Hearts Through History Romance Writers

Stage Makeup

by | June 24, 2009 | 7 comments

Now you’re saying to yourself what’s a western author doing talking about stage makeup?

Since I’ve run out of historical things to write about that pertain to my current release, Miner in Petticoats, I decide to write about what I discovered while working on my current WIP.

The heroine in the next Halsey brother book has a disfiguring scar on her face from an accident when she was a child. Her family is prominent in society, and she refused to be hidden away. In fact, due to her accident, she became determined to be a doctor.

To find out how she could cover the scar when out in the world and not sheltered at home, I began researching stage makeup. In the late 1800’s few people other than stage performers or prostitutes wore makeup in the U.S.

These are some facts I discovered.
Stage Makeup items available before 1850:
White face powder
India ink for drawing lines
Rouge (very bright red or pink)
Misc. artist’s pigment base powders, (like Bole Armenia aka “burnt umber” for a reddish brown tone)
Burnt cork (for dark brown/black)
Lamp-black (for mascara)
Burnt paper (for gray shadows)
Spirit gum
Wool crepe hair (for both facial hair and false noses)

1850’s Germany – Mysterious invention of greasepaint (powdered pigments mixed with lard) by either German actor Carl Baudius, or Carl Herbert.
1864 England – a short book, The Guide to the Stage, Containing Clear and Ample Instructions for Obtaining Theatrical Engagements, by Leman Thomas Rede includes 2 and ½ pages of vague advice on applying powdered pigment makeup.
1870’s USA-Anglo-French actor, Charles Fechter, supposedly spreads the use of greasepaint to the US while on tour.
1873 Germany– Ludwig Leichner commercially produces non toxic ready-made greasepaint sticks. Leichner’s company goes on to be the main European theatrical makeup producer for over a century.
1877 England -The Art of “Making-Up” by Haresfoot and Rouge*, published by Samuel French, the first booklet in English on theatre makeup is printed, describing makeup application with powdered pigments. Suggested pigments in this booklet are 3 kinds of white, Dutch pink rouge, carmine red, and ruddy rouge, Mongolian brown, powdered blue, and chrome (yellow), and antimony (a metallic gray-black) used for shadows, which was toxic.

The 1890s saw incredible innovations in makeup, most of which are still in use today, including:
•Nose wax (aka “mortician’s wax” an item co-opted from the Victorian funeral industry)
•Black tooth wax (aka “cobbler’s wax” an item taken from the shoe repair industry)
•Emil Noir (black tooth enamel)
•Cold cream and cocoa butter
•Mascaro in multiple colors (a dark, soft makeup stick in a lipstick like holder that was used as both mascara and eyebrow pencil)
•Blue eyeliners
•Ladies liquid colors for arms and necks
•Paper Sticks for application of color (Tortillions – artist’s blending tools)
•Wig joining paste

For my heroine I use the 1850’s version of lard and pigment powder. First because lard was easily accessible and the powder could be mixed to match her skin tone. Since the scar is lumpy, she can mold the the lard mixture around it and smooth it out to blend in.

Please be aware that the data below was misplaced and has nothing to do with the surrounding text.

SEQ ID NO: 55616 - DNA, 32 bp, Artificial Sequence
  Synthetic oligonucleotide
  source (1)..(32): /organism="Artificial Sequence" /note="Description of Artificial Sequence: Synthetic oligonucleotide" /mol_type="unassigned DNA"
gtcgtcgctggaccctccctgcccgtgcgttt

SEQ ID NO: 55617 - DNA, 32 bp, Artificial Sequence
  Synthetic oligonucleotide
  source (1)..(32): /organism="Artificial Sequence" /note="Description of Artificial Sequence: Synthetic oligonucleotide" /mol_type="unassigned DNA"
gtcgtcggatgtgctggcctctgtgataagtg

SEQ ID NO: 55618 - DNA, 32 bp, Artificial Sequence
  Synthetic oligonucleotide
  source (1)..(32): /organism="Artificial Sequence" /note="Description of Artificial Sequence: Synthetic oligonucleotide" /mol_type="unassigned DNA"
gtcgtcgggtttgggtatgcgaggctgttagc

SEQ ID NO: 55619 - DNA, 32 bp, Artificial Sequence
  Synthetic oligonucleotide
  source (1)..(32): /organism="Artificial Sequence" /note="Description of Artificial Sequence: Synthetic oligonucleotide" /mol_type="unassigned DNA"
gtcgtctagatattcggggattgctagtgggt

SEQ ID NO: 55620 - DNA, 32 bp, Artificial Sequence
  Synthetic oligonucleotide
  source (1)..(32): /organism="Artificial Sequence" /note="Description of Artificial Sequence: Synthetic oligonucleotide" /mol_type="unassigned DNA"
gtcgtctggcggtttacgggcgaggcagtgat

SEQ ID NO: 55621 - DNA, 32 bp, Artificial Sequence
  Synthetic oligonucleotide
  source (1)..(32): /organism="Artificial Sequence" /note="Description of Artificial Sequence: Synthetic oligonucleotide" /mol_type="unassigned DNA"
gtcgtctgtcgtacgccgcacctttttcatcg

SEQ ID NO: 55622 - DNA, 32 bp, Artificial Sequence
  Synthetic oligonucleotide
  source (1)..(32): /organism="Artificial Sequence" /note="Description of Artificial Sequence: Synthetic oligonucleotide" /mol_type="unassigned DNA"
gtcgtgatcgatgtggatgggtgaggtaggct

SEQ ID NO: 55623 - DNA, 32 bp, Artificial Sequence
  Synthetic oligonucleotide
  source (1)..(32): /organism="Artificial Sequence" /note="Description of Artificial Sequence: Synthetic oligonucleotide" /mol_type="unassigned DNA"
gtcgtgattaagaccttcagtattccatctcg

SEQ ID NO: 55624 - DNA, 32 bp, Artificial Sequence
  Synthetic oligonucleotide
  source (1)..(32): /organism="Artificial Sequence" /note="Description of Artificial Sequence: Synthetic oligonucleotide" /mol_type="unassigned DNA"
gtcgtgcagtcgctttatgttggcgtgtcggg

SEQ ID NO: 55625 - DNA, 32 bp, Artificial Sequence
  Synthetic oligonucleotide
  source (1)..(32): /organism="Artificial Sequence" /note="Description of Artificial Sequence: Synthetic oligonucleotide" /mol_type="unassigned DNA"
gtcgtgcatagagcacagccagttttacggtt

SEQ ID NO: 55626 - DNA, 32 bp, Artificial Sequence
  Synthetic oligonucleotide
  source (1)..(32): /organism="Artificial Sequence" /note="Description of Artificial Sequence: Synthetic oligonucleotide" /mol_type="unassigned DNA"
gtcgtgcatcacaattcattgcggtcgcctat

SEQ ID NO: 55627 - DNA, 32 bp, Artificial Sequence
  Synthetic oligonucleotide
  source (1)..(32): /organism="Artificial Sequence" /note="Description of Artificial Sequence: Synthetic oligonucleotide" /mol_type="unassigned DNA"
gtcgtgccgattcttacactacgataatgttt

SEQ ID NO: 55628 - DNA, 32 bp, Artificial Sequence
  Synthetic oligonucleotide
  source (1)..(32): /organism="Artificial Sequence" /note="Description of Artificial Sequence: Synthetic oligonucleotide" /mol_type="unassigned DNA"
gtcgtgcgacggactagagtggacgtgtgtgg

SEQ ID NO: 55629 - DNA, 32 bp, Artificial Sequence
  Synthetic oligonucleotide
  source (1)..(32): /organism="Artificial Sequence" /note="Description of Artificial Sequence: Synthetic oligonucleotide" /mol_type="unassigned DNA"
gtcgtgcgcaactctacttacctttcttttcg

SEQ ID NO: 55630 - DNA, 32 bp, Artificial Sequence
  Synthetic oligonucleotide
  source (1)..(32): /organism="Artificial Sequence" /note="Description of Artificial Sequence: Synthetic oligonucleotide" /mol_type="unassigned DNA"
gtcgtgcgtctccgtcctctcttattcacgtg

This is why I write historical books. I dig deeper into areas that I would normally overlook to make my characters and story realistic.

What is the latest thing you researched for a book that you would not have found interesting otherwise?

Miner in Petticoats
Paty Jager


ISBN# 1-60154-506-1
ISBN#13: 9781601545060


  1. Paty Jager

    Thank you for stopping by, Carol!

  2. Carol L.

    Hi Paty,
    I'm not a writer but your post was very interesting. I love history and I'm amazed how many different items there were through the years as well. Look forward to reading your story.
    Thansk for the info.
    Carol L.

  3. Helen Hardt

    I end up finding all my research interesting. The last thing I researched was depression — or melancholy, as it was called then — in the 19th century. Then I ended up not using it in my story, LOL. But it's there if I need it later.

  4. Victoria Gray

    Fascinating post, Paty. It's amazing how far cosmetics have come in the last century. Thanks for an enlightening article : )

  5. Gwynlyn MacKenzie

    Being a professional make-up artist earlier in my life, I really enjoyed this. Imagine using lamp black on your eyes. I wonder how many people suffered various eye conditions as a result?

    In my research, I discovered the Titulus Regius–the document that allowed Richard III to ascend England's throne. Trying to read it (it's written in old English) proved interesting–legal bombast obviously isn't new. Couldn't use it, but who knows what tomorrow will bring?

  6. Susan Macatee

    Interesting info, Paty! For my latest historical I had to research women physicians in the late nineteenth century, because my heroine, who served as a nurse during the Civil War wants to be a doctor.

  7. Paty Jager

    Helen, it does boggle the mind how much we research then don't use.

    You're welcome, Victoria!

    Gwynlyn, Yes, it is interesting the things they used that now would be banned. Wow- That sounds like heavy reading for research.

    Susan, we probably looked up the same info! Since I had to do research for the WIP as well. I found biographies of women doctors the most helpful.



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